But at the heliport there were hundreds of Asian tourists waiting! I live in China and I was hoping to get away from the Chinese crowds by coming to Brazil! Haha! At the counter they told us we could only go up in the helicopter at 5pm... but we knew that the sun would go down around 5 so we wouldn’t see much. We asked for our money back and drove back to Foz. We were defeated… I was frustrated and discontented. We made sandwiches and had a few chocolate cookies then, fired up again, we chose to drive back to the National Park of Iguacu and see if we could maybe get in on the Brazilian side…
To our surprise, we were let in but were told that we would only be able to see the Falls from far away. At this point our expectations were very low and we were just happy to be doing something. So you can imagine our amazement and merriment when we got to see this spectacle. I don’t think we will ever get to see anything this astounding in our lives again! It was a scene from another world and we were
Coatis were running around everywhere!
Coatis are members of the raccoon family
speechless. I think that the pictures speak for themselves. It wasn’t the pretty scenery we had expected but it was a sensational phenomenon to witness.
We will never forget this crazy day. Something tells me that even if the Iguazu Falls are very far away from any other city we might visit in the future, we will try to come back to experience the beauty of the Falls on a normal day… who knows, we might even be able to catch a helicopter!
Nous avons conduit 1100km depuis Sao Paulo pour atteindre les fameuses chutes d’Iguazu, une des 7 Merveilles Naturelles au Monde. Les chutes sont celebres pour etre merveilleusement belles, avec une collection de 275 chutes cote a cote qui se deversent dans le fleuve bleu-vert d’Iguazu. Pas cette fois! Pas pour nous! Mais, et on on aurait du s’en douter après les trombes d’eau qui sont tombees ces derniers jours, une crue historique nous a ferme les portes du Parc National du cote argentin… Nous avons quand meme pu admirer ce spectacle on ne peut plus impressionnant sur la rive bresilienne. Et Waou!!!! C’etait incroyable! Le niveau des eaux etait 33 fois plus haut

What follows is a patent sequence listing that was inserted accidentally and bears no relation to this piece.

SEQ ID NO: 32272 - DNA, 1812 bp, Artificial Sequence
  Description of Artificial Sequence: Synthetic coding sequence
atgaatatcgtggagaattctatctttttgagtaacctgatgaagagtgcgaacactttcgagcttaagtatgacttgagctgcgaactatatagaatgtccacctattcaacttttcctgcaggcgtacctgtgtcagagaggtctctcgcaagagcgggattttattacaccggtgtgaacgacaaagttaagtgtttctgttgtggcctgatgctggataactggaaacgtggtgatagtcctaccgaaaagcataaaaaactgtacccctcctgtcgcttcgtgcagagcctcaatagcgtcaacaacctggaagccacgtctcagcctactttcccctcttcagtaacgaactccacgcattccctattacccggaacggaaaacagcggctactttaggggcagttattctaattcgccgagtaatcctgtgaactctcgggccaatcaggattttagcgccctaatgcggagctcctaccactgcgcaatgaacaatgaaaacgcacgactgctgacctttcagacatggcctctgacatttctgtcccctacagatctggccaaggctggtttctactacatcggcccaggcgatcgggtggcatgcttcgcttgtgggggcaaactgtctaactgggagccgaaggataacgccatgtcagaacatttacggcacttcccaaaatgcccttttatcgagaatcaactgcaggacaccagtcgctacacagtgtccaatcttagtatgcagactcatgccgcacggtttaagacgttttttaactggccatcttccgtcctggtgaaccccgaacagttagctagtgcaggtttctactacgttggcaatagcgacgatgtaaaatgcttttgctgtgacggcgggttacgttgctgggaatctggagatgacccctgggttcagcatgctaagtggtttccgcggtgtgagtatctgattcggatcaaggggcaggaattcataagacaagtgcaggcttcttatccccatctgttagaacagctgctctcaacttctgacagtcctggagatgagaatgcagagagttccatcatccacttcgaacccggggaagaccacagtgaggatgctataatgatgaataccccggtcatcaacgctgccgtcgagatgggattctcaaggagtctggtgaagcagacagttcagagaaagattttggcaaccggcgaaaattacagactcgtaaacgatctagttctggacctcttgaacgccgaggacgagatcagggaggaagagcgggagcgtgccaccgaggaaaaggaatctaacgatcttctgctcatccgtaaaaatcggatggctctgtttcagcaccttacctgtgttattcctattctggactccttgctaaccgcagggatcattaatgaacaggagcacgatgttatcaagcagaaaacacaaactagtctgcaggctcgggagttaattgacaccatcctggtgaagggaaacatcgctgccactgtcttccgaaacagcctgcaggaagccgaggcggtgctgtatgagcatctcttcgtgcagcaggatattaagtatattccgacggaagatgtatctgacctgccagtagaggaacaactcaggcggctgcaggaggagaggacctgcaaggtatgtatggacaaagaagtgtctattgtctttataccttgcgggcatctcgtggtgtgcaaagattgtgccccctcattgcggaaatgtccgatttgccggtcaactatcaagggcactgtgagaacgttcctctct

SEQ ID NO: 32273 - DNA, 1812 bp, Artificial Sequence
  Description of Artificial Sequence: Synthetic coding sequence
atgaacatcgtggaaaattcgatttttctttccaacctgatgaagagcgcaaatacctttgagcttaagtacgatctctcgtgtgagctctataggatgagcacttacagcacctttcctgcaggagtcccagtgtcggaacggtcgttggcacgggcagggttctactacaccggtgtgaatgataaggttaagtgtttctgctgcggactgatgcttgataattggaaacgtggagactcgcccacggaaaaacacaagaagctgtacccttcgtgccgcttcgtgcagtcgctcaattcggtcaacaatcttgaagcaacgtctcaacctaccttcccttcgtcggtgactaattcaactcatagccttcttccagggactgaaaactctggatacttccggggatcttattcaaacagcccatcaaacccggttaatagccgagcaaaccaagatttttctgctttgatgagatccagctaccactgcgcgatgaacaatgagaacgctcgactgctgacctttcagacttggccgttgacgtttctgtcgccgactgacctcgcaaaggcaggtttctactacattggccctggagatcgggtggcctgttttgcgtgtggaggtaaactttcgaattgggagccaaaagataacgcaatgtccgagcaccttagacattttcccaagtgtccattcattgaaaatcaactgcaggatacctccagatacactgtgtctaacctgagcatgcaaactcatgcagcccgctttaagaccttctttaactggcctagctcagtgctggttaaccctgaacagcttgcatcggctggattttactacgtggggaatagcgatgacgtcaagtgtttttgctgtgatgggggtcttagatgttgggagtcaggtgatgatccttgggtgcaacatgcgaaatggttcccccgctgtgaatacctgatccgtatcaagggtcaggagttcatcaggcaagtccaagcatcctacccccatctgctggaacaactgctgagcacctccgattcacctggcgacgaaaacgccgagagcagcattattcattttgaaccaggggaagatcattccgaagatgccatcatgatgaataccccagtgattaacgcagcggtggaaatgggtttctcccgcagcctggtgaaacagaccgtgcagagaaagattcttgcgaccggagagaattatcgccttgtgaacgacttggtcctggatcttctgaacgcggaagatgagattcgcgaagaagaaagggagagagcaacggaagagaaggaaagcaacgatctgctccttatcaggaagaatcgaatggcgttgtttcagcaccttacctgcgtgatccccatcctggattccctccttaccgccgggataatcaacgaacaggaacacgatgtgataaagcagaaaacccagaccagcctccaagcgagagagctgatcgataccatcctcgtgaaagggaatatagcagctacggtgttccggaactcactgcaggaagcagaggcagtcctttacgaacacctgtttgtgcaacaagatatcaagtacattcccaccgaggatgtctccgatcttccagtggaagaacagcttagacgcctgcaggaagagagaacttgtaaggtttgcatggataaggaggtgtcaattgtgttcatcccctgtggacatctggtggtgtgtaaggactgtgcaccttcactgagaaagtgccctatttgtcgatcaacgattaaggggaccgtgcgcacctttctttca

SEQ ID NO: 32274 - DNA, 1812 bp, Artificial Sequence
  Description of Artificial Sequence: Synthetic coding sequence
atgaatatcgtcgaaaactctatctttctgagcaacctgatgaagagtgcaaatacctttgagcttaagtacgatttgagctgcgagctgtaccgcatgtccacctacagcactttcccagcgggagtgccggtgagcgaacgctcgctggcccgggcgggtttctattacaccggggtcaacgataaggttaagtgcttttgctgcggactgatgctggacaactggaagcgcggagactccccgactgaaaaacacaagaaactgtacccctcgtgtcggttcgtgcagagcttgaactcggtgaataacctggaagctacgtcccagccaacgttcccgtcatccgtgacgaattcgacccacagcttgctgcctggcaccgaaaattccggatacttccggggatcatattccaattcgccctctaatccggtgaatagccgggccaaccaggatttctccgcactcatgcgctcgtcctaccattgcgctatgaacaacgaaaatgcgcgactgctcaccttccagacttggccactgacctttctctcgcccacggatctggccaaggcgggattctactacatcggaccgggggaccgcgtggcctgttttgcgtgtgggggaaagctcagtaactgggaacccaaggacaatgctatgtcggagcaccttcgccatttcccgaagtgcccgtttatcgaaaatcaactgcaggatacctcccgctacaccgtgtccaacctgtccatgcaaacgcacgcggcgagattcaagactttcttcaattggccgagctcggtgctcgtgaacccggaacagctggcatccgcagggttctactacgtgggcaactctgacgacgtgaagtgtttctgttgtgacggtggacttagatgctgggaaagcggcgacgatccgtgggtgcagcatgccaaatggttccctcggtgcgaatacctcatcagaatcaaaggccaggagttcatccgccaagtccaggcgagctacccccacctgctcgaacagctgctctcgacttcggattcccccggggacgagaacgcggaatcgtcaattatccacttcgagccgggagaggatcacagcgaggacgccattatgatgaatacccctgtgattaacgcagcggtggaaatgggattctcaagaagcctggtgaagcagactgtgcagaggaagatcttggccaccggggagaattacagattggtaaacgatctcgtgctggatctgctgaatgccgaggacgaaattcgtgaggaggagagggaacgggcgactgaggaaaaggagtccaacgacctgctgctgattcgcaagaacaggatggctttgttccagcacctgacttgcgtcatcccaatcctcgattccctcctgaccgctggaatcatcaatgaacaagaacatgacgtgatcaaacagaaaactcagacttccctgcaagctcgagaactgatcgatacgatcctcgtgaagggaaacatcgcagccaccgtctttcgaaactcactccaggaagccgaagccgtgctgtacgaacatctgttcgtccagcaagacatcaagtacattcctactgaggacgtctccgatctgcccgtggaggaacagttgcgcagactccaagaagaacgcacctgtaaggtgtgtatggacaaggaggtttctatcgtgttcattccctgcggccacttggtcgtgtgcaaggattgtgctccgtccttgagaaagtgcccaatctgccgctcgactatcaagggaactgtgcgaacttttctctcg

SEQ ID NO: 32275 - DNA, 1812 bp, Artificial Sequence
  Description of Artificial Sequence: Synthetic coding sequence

qu’a la normale! Les passerelles sur lesquelles les touristes peuvent habituellement acceder au milieu du fleuve ont ete emportees ou completement ensevelies. C’etait un paysage absolument hallucinant, presque terrifiant. Je pense que les photos parlent d’elles-memes.
500 000 personnes ont ete affectees par la montee des eaux.
Merci a Ricardo pour son accueil chaleureux au sein du club cyclo-touriste de Foz de Iguacu! Nous t’attendons en France!
- 8h: Ricardo nous emmene a la frontiere Bresil-Argentine
- 8h30: on nous met en garde au bureau d’immigration que le parc national est ferme!
- 9h: on arrive a Puerto Iguacu, Argentine. Et surprise (…)les agences de voyage nous disent que le parc national est ferme en raison des innondations!
- 9h30: On se promene en ville… depites! Nous avons roule 1100km, franchi la frontiere pour arriver a 4 km des plus belles chutes au monde et elles sont fermees?!!!!
- 10h: nous decidons de tenter le coup en helicoptere! C’est cher mais nous ne sommes pas venus ici pour rien! L’heliport se trouve… du cote bresilien evidemment!
- 10h30: en voiture Simone! Nous retournons au Bresil a 200km/h avec notre guide qui nous
a vendu les tickets pour le tour d’helico.
- 11h: A l’heliport il y a une queue de ouf! Et des centaines de Chinois qui attendent. Ca valait bien le coup de quitter la Chine!... Nous ne pourrons monter a bord de l’helico qu’a 17h… non merci! On se fait rembourser car a 17h au Bresil en hiver, il fait nuit!
- 11h30: on retourne en taxi a Foz en silence… nous sommes tous les 3 degouttes! On mange un sandwich, quelques cookies, et puis on decide d’aller voir le parc national (cote bresilien) plutot que d’attendre demain.
- 12h30: le parc est ouvert mais un seul sentier est accessible. Ca sera toujours mieux que rien…
- 13h30: WAOU! Quel spectacle! Et en plus il fait beau! Nous passons l’apres midi le long du chemin pour admirer les nombreux points de vue. Nous n’avons jamais vu quoi que ce soit d’aussi incroyable!
- 15h: arc en ciel au dessus du fleuve de boue. On a retrouve le sourire! ON EST AU BRESIL!!!!!!
- 17h: l’eau continue de monter: c’est terrifiant!
- 19h: gros repas en ville. Quelle journee memorable!